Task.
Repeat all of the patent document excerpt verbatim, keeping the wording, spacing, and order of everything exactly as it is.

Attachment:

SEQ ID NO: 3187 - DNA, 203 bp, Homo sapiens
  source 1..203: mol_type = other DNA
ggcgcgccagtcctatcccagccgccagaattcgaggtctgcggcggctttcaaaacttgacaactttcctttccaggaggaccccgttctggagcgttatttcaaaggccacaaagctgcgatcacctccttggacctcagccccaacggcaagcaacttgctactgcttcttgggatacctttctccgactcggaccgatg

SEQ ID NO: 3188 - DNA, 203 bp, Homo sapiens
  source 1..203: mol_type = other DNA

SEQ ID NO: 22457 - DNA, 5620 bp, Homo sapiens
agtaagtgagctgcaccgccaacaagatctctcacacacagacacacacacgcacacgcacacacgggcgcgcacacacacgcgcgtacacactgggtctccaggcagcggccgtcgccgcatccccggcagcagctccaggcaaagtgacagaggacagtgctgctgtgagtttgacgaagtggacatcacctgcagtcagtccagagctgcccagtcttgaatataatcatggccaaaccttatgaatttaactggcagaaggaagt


SEQ ID NO: 3187 - DNA, 203 bp, Homo sapiens
  source 1..203: mol_type = other DNA
ggcgcgccagtcctatcccagccgccagaattcgaggtctgcggcggctttcaaaacttgacaactttcctttccaggaggaccccgttctggagcgttatttcaaaggccacaaagctgcgatcacctccttggacctcagccccaacggcaagcaacttgctactgcttcttgggatacctttctccgactcggaccgatg

SEQ ID NO: 3188 - DNA, 203 bp, Homo sapiens
  source 1..203: mol_type = other DNA

SEQ ID NO: 22457 - DNA, 5620 bp, Homo sapiens
agtaagtgagctgcaccgccaacaagatctctcacacacagacacacacacgcacacgcacacacgggcgcgcacacacacgcgcgtacacactgggtctccaggcagcggccgtcgccgcatccccggcagcagctccaggcaaagtgacagaggacagtgctgctgtgagtttgacgaagtggacatcacctgcagtcagtccagagctgcccagtcttgaatataatcatggccaaaccttatgaatttaactggcagaaggaagt